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4. typologies of culture

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  • 1. Typologies of culture
  • 2. HIGH AND LOW CONTEXT CULTURE (E.T.HALL)
    • Low-context cultures – information and rules are explicit (e.g. USA)
    • High-context cultures – information and rules are implicit (e.g. African cultures,
    • Latin American)
  • 3. GEERT HOFSTEDE CULTURAL TYPOLOGY
  • 4. Includes three broad dimensions :
    • Expected Social Behavior (Individualistic or group; Low or high power distance; masculine or feminine).
    • Man’s search for truth (high or low uncertainty avoidance).
    • Importance of time (short term or long term orientation).
  • 5. Geert Hofstede’s cultural typology
    • based upon a study of 100,000 IBM employees who work in IBM divisions throughout the world.
    • dimensions of culture:
      • Power Distance
      • Uncertainty Avoidance
      • Individualism/Collectivism
      • Masculinity/Femininity
      • Long-Term Orientation
  • 6. Power Distance (PD)
    • Measures the extent to which less powerful members of organizations accept the unequal distribution of power
    • Artifacts of high PD:
      • Centralization
      • # Org. Levels- Height
      • # Supervisors
      • Wage Differentials
      • Values
  • 7. Power Distance (PD)
    • Power distance: country examples and organizational implications
  • 8. Power Distance (PD)
    • Rank distinctions among the Japanese
  • 9. Uncertainty Avoidance (UA)
    • Uncertainty Avoidance is the extent to which uncertainty and ambiguity are tolerated.
    • Artifacts of high UA:
      • Standardization
      • Structured activities
      • Written rules
      • Specialists
      • No risk tolerance
      • Ritualistic behavior
  • 10. Uncertainty Avoidance (UA)
    • Uncertainty avoidance: country examples and organizational implications
  • 11. Individualism/Collectivism (I/C)
    • I/C is the extent to which the self or the group constitutes the center point of identification for the individual.
    • Individual self interest is pursued individually, or as a part of a group.
    • Artifacts of I/C
      • Firm as “family”
      • Utilitarian decision making
      • Group performance
  • 12. Individualism/Collectivism
    • Individualism exists when people define themselves as individuals. It implies loosely knit social frameworks in which people are supposed to take care only of themselves and their immediate families.
    • Collectivism is characterized by tight social frameworks in which people distinguish between their own groups (i.e., relatives, organizations) and other groups.
  • 13. Individualism/Collectivism (I/C)
    • Individualism/collectivism: country examples and organizational implications
  • 14. Masculinity-Femininity (M/F)
    • Refers to the extent to which traditional masculine values, like aggressiveness and assertiveness, are valued.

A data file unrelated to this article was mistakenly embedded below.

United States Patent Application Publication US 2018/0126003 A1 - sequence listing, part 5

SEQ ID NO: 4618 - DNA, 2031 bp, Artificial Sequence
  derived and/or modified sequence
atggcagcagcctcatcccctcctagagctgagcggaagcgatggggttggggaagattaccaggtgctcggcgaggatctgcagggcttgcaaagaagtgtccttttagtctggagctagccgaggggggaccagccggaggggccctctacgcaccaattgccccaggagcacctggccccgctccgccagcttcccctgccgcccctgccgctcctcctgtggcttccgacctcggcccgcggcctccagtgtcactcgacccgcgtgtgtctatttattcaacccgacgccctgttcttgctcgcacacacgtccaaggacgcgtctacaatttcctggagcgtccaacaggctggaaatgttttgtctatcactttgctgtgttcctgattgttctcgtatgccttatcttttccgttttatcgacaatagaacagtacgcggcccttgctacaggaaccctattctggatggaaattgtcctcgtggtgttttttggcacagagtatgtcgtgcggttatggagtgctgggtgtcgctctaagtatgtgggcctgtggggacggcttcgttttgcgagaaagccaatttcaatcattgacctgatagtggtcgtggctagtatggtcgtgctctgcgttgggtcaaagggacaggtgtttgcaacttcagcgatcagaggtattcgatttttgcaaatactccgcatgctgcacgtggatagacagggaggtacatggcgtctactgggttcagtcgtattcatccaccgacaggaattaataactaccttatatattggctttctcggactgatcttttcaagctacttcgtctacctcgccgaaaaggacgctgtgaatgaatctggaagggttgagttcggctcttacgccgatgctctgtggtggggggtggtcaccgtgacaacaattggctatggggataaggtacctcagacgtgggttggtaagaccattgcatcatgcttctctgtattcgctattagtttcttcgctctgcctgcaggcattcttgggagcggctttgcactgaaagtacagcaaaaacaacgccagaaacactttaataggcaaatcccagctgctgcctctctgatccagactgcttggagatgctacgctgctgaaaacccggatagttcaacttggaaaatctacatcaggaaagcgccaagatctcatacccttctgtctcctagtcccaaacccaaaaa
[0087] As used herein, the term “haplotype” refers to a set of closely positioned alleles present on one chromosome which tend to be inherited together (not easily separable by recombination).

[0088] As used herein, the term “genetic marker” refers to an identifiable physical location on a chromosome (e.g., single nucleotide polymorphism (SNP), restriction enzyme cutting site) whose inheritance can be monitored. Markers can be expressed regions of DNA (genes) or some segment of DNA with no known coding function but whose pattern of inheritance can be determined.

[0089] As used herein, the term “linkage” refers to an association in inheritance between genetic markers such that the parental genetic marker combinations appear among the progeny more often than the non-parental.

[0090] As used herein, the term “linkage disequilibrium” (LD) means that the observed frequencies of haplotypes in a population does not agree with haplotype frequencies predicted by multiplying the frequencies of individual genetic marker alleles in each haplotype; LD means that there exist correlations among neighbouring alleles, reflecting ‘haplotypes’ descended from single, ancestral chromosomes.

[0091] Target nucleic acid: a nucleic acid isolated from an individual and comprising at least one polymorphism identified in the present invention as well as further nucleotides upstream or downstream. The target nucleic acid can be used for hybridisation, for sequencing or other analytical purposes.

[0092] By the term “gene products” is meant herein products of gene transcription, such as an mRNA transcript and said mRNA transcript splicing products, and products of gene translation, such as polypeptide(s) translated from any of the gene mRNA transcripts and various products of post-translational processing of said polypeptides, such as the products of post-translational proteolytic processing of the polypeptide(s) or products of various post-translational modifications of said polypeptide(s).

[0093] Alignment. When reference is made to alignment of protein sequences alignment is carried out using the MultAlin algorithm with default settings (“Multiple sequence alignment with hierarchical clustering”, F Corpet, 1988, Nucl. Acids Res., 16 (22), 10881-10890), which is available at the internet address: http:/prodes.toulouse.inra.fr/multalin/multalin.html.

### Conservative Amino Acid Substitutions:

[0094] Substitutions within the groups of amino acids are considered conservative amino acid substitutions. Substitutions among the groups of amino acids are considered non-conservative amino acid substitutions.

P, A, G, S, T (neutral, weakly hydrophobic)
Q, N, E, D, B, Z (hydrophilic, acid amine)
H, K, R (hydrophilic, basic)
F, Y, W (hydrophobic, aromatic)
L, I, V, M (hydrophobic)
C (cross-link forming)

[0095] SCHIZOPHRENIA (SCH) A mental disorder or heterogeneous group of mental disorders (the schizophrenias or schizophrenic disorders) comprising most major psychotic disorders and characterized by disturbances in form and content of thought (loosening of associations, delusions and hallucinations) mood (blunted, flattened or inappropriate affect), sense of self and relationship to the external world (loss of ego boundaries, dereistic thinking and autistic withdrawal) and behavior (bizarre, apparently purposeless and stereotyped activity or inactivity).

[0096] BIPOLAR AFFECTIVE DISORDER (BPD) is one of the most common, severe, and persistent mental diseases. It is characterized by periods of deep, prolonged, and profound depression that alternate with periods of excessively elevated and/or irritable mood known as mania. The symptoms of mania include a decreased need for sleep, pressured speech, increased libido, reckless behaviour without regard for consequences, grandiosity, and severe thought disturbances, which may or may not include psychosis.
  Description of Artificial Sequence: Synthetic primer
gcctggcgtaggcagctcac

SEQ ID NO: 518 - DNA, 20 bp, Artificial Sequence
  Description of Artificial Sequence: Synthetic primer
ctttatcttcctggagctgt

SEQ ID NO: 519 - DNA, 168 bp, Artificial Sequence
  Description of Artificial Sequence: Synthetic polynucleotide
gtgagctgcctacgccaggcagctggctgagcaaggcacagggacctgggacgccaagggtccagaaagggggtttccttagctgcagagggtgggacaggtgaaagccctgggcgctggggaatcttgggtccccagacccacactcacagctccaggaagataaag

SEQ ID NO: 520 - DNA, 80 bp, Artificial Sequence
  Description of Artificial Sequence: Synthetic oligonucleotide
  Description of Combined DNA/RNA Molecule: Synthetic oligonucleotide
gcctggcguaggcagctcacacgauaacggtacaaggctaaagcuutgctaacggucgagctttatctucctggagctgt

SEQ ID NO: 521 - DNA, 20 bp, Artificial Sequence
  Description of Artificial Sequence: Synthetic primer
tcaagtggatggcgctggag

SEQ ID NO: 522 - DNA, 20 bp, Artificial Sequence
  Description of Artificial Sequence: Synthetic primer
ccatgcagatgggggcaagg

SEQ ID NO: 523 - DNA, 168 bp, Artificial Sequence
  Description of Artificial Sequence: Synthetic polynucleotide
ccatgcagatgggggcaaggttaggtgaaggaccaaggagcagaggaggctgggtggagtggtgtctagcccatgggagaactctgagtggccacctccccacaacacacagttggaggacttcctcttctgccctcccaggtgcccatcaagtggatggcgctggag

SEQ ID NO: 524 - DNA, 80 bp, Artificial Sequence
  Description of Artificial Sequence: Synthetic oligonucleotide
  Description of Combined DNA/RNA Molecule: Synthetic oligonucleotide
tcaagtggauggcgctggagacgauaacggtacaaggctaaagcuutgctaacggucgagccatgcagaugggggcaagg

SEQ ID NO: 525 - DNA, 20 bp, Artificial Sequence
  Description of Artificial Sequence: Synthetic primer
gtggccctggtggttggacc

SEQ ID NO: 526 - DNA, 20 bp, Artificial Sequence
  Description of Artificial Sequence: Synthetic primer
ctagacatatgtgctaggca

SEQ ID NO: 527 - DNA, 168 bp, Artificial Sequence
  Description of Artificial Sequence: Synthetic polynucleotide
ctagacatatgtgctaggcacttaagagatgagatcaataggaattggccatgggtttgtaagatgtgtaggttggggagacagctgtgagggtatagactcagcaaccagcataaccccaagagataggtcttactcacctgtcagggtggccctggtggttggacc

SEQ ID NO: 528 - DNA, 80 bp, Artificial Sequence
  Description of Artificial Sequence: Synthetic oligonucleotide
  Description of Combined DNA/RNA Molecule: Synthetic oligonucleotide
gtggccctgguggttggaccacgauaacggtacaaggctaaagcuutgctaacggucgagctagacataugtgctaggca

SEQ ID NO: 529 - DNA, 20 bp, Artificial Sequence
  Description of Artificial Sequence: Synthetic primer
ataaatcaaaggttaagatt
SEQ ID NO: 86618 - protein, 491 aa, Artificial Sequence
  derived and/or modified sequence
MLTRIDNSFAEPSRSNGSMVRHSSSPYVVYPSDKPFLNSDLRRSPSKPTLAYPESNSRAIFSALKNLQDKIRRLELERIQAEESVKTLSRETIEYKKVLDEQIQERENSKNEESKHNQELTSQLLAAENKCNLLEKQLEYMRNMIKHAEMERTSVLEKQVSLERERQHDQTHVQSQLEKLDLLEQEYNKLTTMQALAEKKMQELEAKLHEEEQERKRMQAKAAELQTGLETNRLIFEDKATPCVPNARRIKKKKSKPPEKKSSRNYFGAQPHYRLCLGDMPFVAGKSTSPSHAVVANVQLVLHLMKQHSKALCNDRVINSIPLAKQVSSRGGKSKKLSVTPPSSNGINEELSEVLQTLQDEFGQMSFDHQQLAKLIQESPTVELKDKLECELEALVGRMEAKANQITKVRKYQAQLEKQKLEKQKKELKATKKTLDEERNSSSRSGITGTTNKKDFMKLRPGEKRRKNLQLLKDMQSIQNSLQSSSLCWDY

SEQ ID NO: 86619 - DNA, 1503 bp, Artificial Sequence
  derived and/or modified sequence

• Artifacts of M/F
      • Sex Roles Minimized
      • More Women In Jobs
      • Interpersonal Skills Rewarded
      • Intuitive Skills Rewarded
      • Social Rewards Valued
  • 15.
    • MASCULINITY measures the extent to which the dominant values in society emphasize assertiveness and acquisition of money things while not particularly emphasizing concern for people.
    • FEMININITY is the extent to which dominant values in society emphasize relationships among people, concern for others, and the overall quality of life.
  • 16. Masculinity-Femininity (M/F)
    • Masculinity/femininity: country examples and organizational implications
  • 17. Long-Term Orientation (LTO)
    • Confucian Dynamism (synonym)
    • Values: thrift, persistence, and traditional respect of social obligations
    • Organizations are likely to adopt longer planning horizon, with individuals ready to delay gratification.
  • 18. Long-Term Orientation (LTO) Country scores on Confucian dynamism (long-term orientation)
  • 19. VALUE ORIENTATION
  • 20. Florence Kluckhohn and Fred Strodtbeck
    • value orientations are deeply held beliefs about the way the world should be, and not necessarily the way it is
  • 21. human nature orientation
    • innate character of human nature
    • should human beings be seen as good, evil, or a mixture of ?
    • are human beings capable of change (mutable) or are not able to change (immutable)?
  • 22. person-nature orientation
    • the potential types of relations between humans and nature
    • (mastery over nature, harmony with nature, or subjugation to nature)
  • 23. relational orientation
    • INDIVIDUALISM
    • LINEALITY
    • COLLATERALLY
  • 24. relational orientation individualism
    • preference for individual goals and objectives over group objectives
  • 25. relational orientation lineality
    • focuses on the group and group goals crucial issue is the continuity of the group through time
  • 26. relational orientation laterality
    • focuses on the value of the group, group members goals but not the group extended through time
  • 27. activity orientation
    • Doing
    • Being
    • Being-in-becoming ( growing )
  • 28. activity orientation doing
    • emphasizes productivity and tangible outcomes
  • 29. activity orientation being
    • spontaneity, emotional gratification, and personal balana с e
  • 30. activity orientation final activity orientation, being-in-becoming
    • concerned with who we are and places importance on spiritual development
  • 31. time orientation
    • examines how cultures come to terms with the past, the present, and the future
  • 32. past orientation
    • predominates in cultures placing a high value on tradition and emphasizing ancestors and strong family ties
  • 33. present orientation
    • predominates where people see only the here and now as real — the past is seen as unimportant and the future is seen as vague and unpredictable
  • 34. future orientation
    • highly values change and progress
  • 35.
    • QUESTIONS?